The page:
Canadian-based SemiosBio Technologies is definitely worthy of further analysis and due diligence. In fact, Semios recently raised more than $8 million in seed funding on top of its business model combining enabling technologies addressing a critical market need with recurring revenue and strong margins from a growing installed base of farmers.
I have evaluated hundreds of startups as investors as well as equity research analysts and investment bankers at bulge bracket firms, including Lehman Brothers, Bear Stearns and Citi. I’ve had my fair share of failures and successes with startups companies that are starting to experience explosive revenue growth and positive earnings within sight. In addition, I have provide strategic advice to large multibillion companies operating throughout the world. In short, I have seen a lot of what makes large and small companies succeed.
Today growers representing more than 50,0000 sensors covering 10,000 acres of farmland are on the Semios Internet of Things (IoT) platform. Every farmer will own their own data. However, farmers must pay Semios an annual subscription fee of between $180 and $260/acre to access the manipulated data. Over time more and more data will be collected and shared by a larger ecosystem of farmers. This will create what economists and investors refer to as the “network effect” where the value of the Semios platform will increase as more and more farmers rely on the system and share information.
Semios provides growers a fully-integrated IoT platform to monitor pests, micro-climate and frost, weather, irrigation and evapotranspiration. Its main target are growers of high-value crops such as fruit trees, nuts and grapes that account for about 10% of farm acreage but are worth more than 10 times the value of the average crop. For example, apples and oranges could be worth more than $25,000 an acre while corn may only be worth less than $1,000 an acre.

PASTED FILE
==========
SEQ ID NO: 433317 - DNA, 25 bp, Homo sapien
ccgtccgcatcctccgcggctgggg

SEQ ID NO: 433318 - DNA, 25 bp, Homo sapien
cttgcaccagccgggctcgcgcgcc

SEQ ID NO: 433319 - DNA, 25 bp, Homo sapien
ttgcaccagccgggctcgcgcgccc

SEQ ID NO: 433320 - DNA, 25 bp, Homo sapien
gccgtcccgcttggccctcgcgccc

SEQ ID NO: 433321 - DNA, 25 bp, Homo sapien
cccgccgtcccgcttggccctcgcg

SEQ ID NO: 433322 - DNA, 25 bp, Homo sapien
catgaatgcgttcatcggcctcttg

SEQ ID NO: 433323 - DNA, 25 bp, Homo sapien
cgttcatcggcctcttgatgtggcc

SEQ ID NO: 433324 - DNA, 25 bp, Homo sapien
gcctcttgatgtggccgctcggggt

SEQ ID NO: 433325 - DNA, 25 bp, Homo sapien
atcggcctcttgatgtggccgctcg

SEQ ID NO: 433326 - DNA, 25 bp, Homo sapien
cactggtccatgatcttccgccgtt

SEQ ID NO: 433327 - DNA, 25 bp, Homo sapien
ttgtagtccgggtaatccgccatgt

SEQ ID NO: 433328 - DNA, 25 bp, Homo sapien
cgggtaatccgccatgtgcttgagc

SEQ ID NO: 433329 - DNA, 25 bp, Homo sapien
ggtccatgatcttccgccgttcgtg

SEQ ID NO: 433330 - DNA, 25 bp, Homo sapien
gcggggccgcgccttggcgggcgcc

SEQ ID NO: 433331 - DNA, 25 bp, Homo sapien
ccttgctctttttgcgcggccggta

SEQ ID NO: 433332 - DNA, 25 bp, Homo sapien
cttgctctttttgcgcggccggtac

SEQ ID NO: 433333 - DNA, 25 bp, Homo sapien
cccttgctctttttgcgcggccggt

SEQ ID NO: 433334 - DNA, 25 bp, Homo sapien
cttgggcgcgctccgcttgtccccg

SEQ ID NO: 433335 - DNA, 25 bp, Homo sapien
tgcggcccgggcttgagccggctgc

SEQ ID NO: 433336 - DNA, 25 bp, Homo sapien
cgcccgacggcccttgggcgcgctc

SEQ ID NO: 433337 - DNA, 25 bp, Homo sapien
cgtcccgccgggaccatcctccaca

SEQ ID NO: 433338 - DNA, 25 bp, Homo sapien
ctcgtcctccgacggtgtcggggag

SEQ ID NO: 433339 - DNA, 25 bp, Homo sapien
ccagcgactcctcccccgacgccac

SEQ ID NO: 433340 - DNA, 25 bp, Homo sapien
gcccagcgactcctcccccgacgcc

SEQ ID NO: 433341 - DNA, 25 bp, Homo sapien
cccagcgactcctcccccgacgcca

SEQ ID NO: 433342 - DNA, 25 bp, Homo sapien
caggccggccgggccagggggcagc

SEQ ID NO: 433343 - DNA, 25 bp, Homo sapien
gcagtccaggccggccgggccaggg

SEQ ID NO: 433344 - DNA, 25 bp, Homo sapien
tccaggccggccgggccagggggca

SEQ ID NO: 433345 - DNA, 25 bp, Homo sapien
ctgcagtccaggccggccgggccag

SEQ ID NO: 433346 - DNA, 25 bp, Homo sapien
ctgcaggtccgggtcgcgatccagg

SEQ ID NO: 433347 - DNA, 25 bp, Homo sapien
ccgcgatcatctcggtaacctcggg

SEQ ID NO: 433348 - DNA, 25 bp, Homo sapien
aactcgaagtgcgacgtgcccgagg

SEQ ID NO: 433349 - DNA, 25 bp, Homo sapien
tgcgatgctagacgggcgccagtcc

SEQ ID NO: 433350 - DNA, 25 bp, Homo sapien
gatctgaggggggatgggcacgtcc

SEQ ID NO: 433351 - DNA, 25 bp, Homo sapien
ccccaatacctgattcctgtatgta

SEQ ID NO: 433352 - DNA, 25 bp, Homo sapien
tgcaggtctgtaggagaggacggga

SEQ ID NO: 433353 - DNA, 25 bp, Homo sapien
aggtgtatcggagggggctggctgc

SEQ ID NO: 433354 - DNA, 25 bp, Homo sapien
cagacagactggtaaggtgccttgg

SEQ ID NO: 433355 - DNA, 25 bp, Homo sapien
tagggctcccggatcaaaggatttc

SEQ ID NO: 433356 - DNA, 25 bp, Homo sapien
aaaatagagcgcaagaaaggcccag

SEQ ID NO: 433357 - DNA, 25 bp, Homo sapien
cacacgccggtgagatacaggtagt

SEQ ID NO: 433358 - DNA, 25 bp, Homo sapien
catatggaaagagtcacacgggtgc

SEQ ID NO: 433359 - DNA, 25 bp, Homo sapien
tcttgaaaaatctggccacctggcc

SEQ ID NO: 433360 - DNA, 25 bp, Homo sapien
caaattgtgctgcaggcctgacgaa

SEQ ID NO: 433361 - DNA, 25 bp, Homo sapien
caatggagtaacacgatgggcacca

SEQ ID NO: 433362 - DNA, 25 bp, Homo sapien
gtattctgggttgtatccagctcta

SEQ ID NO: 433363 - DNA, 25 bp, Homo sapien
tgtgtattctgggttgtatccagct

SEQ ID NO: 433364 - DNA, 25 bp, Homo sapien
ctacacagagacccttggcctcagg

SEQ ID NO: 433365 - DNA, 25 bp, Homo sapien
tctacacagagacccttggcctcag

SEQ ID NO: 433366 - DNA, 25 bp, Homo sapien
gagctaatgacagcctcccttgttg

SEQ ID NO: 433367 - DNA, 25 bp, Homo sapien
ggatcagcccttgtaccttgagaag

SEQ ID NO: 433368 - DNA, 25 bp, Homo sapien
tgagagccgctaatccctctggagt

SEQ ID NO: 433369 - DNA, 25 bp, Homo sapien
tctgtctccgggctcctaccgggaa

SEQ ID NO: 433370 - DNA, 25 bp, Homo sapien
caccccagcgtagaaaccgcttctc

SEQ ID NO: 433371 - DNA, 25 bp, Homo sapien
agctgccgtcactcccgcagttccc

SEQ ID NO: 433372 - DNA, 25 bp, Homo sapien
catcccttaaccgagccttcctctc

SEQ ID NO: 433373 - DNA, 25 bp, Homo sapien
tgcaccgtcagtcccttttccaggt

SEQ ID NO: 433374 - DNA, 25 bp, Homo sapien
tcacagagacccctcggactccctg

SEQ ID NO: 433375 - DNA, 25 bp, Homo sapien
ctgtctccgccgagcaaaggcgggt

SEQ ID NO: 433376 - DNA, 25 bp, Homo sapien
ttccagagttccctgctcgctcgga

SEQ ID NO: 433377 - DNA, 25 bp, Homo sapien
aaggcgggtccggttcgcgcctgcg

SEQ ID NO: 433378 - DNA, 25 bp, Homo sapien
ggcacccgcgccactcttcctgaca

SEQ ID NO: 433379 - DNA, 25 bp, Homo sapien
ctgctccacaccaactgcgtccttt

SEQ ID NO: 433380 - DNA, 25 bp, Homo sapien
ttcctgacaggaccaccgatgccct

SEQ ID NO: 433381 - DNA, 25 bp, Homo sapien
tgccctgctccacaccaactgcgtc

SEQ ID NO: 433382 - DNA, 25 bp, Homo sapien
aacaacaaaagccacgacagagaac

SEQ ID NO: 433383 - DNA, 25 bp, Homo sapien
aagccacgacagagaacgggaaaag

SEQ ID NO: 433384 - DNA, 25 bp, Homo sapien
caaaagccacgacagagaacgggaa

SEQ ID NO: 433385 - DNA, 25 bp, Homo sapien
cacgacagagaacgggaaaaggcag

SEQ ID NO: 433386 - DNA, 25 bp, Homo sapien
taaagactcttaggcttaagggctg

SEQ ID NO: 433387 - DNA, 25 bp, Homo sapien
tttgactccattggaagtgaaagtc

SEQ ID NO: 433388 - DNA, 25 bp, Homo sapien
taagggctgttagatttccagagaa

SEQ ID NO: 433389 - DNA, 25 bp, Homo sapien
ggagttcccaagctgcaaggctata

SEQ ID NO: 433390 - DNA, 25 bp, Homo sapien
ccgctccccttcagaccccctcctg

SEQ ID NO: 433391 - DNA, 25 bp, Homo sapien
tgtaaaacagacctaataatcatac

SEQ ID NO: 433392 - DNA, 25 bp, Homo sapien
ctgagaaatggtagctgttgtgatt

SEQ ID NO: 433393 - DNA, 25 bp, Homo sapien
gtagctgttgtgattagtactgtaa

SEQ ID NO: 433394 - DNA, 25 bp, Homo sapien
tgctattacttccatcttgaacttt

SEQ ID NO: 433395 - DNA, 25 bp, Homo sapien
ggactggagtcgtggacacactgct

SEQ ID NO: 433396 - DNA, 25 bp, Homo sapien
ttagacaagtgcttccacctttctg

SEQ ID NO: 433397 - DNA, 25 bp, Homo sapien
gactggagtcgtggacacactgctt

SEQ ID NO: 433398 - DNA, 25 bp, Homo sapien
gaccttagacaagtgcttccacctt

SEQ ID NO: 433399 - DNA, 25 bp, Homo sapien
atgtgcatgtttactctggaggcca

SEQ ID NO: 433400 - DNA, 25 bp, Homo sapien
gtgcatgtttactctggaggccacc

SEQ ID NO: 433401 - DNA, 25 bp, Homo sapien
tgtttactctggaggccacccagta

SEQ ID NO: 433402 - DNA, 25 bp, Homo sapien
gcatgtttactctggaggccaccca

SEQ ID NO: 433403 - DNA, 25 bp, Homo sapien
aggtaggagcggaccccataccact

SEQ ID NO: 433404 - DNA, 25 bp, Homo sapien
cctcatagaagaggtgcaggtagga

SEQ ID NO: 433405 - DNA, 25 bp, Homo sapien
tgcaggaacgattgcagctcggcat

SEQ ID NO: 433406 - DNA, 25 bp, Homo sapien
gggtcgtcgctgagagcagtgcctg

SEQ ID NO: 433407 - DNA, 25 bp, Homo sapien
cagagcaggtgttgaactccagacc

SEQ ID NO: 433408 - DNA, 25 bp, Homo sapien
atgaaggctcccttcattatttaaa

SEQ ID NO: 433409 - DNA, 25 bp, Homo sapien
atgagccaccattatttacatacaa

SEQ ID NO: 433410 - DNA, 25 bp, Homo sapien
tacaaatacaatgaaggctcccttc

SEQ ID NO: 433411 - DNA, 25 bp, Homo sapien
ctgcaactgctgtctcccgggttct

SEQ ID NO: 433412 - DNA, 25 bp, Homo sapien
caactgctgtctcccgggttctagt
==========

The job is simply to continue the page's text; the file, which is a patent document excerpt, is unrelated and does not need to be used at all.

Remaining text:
These high-value crops also have high input costs in terms of pesticides, insecticides, fungicides and labor. Farmers are always susceptible to crop damage due to pests, disease, frost and irrigation. However, physical monitoring and detection of potential problems could take weeks and the solution may be insufficient to control the problem. There is tremendous excitement over drone technologies’ future role in crop monitoring applications. Drones will play a major role in agriculture. However, drone technology may be less useful below the canopy of high-value crops such as fruits and nuts.
The Semios platform consists of sensors throughout the farm connected wirelessly to a gateway that transmits the collected information to the cloud where the data is accessed by the Semios platform. The information is collected every 10 minutes then Semios’ proprietary algorithm and tools manipulate and examine the data to provide farmers actionable intelligence to make better decisions. In short, Semios helps farmers increase the value of their crops while reducing their operating expenses.
For example, farmers often spray crops with pesticides on a very stable basis throughout the growing season so at any moment crops may be getting too little or too much pesticide. If too much pesticide is used farmers are eating into their profits. If not enough is used, significant crop damage could occur for a much longer period of time. With Semios, a farmer can remotely measure the amount of pest pressure on a daily and site-specific basis and act accordingly.
More importantly, the Semios platform is a two-way system. It not only collects, manipulates and analyzes data, it can also receive data or commands so farmers can control connected devices manually or automatically from a remote location. This two-way capability has major advantages. A farmer would know when pests are in flight or swarming so it can take corrective measures. Second, real-time information enables farmers to avoid harmful insecticides by using organic phermones, which are only useful when pests are actually present.
In fact, Semios has a fully automated system to apply “insect-specific” phermones to an orchard based on actual field conditions. Semios also has connected leaf-wetness sensors that can differentiate between dew, frost or rain so a farmer can make make manual or automatic irrigation strategy decisions. Sensors provide farmers the data to determine whether to use expensive heaters or irrigation to prevent frost damage.
In February 2016 I wrote “AgTech has caught the attention of investors.” In fact, AgTech could play a major role in meeting the increased demand for food driven by a growing population, increased urbanization and a growing consumption class. There will be emerging technology companies that will enable growers to collect and analyze real-time data to significantly improve crop yield while reducing the demands on our natural resources such as land and water. Semios could potentially be one of those companies.